Building Out an Antifragile Microservice Architecture @ Andela — Design Consideration
On May 3rd 2016, I transitioned to a new role @ Andela. I was formally a technical trainer in charge of training incredibly smart young minds to become world class junior ruby/rails developers. In my new role, I will be in charge of migrating all Andela systems into an Antifragile Microservice Architecture with the help of 5 incredible developers. As at this point, Brice Nkengsa(the Head of Engineering @ Andela) has already made it easier for us, since the monoliths has been spliced into backend and frontend apps with an API gateway in between. Check out Brice Nkengsa recent blogpost on Migrating to a Microservice Architecture to learn more about the steps he took to achieve this.
Below are some design considerations made while building out the Antifragile Microservice Architecture.
Synchronous Inter-process Communication(IPC)
Since the services are micro, there will be a lot of them and they will need to communicate with each other. The Key metrics here is speed. This is because we want to reduce the network latency as much as possible to allow for faster response time irrespective of whether a request ends up calling a lot of services or not. Below are some of the options that was available to us:
- REST(JSON or XML)
- SOAP(xml) — cross platform
- Thrift(binary) — cross platform (developed at facebook)
- Java RMI(binary) — JVM
- Avro(binary) — cross platform
- Protocol buffers(binary) — cross platform (developed at google)
REST is perfect for exposing API endpoints to external applications, we exposed our API gateway endpoints as RESTful resources, however it is not perfect for IPC where speed is of utmost importance. This is because serializing and deserializing JSON payload is an expensive operation and JSON payload is quite large compared to it’s binary counterpart. XML is even worse than JSON in these regards. We didn’t go with SOAP for obvious reasons. Java RMI would have been a viable option since it uses a binary format for it’s payload. However, we couldn’t go with it since it only runs on the JVM environment.
Thrift, Avro and Protocol buffers are cross platform RPC implementation whose payload are in binary format. It was a tough choice choosing one out of these 3 mechanism. Binary payload are very small and unlike JSON, converting binary data to an object is not expensive. We eventually settled with protocol buffers, since it has a very nice Interface Definition Language(IDL) and it’s approach to schema evolution made more sense to us.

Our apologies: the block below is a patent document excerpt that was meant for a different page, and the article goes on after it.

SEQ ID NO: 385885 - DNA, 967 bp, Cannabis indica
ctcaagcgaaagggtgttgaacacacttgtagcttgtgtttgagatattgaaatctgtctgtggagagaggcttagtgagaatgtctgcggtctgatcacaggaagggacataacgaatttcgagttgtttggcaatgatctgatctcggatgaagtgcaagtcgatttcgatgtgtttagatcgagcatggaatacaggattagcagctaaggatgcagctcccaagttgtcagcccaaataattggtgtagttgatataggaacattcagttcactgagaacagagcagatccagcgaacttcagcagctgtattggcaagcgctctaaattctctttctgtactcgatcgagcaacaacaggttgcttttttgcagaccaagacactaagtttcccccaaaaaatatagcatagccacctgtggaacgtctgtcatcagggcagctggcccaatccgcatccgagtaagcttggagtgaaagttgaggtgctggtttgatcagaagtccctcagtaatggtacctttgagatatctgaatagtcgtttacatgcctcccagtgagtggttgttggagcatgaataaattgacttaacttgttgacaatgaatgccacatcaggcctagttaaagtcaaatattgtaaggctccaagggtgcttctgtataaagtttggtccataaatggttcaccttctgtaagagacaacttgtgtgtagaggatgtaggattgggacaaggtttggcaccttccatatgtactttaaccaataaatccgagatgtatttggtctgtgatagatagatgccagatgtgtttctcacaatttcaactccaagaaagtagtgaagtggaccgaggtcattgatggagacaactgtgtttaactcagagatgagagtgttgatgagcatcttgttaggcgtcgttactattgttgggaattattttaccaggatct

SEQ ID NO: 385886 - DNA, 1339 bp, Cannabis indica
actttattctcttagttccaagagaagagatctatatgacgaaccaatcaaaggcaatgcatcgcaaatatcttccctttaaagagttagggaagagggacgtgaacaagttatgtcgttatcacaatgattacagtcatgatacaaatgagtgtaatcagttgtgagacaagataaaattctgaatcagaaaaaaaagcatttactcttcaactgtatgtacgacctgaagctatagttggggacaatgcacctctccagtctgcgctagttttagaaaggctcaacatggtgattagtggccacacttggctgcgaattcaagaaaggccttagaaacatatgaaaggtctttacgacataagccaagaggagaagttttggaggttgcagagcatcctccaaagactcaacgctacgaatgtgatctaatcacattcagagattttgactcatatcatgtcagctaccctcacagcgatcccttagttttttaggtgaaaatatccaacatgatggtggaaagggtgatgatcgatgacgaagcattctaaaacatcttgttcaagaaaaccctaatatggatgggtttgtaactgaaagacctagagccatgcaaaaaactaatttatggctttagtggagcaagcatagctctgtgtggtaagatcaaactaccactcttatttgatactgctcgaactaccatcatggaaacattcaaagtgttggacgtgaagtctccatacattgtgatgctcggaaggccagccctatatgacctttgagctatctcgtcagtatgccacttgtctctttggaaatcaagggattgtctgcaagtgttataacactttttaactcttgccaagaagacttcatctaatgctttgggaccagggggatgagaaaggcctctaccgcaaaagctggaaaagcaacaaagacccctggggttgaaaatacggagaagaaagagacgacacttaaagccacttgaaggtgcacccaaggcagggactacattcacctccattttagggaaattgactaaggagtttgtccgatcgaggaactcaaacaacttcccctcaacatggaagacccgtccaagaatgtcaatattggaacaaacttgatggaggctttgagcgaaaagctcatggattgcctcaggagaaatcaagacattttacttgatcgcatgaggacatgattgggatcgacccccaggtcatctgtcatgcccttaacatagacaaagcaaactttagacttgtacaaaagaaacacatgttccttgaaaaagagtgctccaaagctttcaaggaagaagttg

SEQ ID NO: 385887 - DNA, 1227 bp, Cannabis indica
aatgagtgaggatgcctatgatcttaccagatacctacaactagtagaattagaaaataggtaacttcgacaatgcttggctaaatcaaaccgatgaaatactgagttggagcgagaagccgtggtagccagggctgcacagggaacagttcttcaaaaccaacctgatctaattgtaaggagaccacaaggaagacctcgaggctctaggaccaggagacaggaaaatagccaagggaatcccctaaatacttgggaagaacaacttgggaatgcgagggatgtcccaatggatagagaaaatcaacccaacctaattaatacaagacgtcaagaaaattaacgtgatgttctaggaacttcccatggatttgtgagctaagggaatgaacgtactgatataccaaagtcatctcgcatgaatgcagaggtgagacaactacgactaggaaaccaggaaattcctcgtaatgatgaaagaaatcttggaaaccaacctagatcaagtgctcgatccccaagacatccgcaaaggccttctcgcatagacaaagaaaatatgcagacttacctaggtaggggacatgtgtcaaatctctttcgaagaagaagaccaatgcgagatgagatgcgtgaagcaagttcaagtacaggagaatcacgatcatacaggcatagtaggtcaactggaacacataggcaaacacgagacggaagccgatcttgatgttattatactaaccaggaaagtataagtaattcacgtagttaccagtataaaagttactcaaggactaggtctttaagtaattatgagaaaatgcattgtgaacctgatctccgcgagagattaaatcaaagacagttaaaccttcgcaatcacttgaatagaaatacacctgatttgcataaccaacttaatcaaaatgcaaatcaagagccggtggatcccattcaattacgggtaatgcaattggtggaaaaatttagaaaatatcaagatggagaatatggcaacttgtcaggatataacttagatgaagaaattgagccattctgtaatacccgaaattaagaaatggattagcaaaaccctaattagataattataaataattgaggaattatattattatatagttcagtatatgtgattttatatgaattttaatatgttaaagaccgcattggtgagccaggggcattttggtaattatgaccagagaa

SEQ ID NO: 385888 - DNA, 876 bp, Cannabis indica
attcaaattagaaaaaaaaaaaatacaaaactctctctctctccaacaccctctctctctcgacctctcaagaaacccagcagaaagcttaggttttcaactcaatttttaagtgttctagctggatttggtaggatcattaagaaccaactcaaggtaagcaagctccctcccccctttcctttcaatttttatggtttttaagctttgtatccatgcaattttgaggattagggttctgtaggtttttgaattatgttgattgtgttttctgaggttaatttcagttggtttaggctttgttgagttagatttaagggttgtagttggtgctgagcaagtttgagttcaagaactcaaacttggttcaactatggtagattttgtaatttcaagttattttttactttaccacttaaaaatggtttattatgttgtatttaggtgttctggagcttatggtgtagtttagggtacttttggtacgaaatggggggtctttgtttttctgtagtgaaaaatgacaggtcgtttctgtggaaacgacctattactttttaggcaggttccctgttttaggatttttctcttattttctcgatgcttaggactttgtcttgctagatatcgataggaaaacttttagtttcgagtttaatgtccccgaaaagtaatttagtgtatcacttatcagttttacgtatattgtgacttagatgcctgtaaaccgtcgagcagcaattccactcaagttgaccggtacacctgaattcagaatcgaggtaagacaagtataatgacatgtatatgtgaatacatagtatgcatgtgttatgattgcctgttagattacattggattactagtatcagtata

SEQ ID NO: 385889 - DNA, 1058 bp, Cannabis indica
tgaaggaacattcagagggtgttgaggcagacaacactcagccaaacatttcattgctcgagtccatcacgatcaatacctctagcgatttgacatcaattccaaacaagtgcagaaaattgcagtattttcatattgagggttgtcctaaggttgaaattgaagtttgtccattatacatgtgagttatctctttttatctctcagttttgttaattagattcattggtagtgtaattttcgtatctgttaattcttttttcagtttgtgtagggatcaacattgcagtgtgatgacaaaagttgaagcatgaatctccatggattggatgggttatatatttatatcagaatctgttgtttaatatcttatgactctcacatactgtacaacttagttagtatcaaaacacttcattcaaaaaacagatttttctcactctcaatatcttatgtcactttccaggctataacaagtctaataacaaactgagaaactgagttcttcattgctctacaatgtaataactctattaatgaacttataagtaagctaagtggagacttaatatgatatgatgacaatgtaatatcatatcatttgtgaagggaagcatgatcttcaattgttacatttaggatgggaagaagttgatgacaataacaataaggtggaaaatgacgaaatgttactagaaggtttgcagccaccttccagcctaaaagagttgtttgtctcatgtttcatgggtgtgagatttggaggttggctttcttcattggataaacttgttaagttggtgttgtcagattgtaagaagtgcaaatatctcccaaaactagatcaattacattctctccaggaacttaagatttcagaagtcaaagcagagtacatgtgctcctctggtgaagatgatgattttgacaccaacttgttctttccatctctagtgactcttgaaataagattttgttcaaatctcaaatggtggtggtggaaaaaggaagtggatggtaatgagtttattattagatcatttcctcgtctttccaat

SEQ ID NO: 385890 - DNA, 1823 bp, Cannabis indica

There are a lot of microservice frameworks out there, however they limit you in one way or another. These limitation can be in form of constraining you to a specific platform(Netflix Microservice toolkit— JVM) or to a specific language(seneca — Nodejs or Go-Kit — Golang). We wanted a framework/toolkit that support at least the following languages(Golang, Nodejs, Python, Ruby and Java) and we eventually settled with gRPC(it was a match made in heaven).
In their own words gRPC is:
A high performance, open source, general RPC framework that puts mobile and HTTP/2 first.
It also uses protocol buffers as it’s default message format which is a plus for us. Check out gRPC design principles and motivations to find out some of the reason why we think gRPC is the best framework for building out microservices.
Event Driven Data Management
Since we are building an Antifragile microservice, each service will have it’s own database as against sharing a common database with other services. However, this came with two major challenges
- The first challenge is how to implement business transactions that maintain consistency across multiple services.
- The second challenge is how to implement queries that retrieve data from multiple services.
Due to the above challenges, we had to implement an event-driven architecture(choreography). In this architecture, a microservice publishes an event when something notable happens, such as when it updates a business entity. Other microservices subscribe to those events. When a microservice receives an event it can update its own business entities, which might lead to more events being published. The blogpost below was an eye opener when we were doing research on event-driven architecture.
This is the fifth article in a series about building applications with microservices. The first article introduces the…www.nginx.com
Once we agreed on implementing an event-driven architecture, it was now time to choose a message broker that will enable services to publish and subsribe to events. Below were the strong candidates we considered.
In their own words, NATS is:
A central nervous system for modern, reliable and scalable cloud and distributed systems.
It was written in Golang and it’s incredibly fast. The fastest message broker I have seen so far(as depicted in the above chart). However nats made some design decision which we were not very comfortable with. These includes:
- At most once delivery (fire and forget)
- Lack of Persistence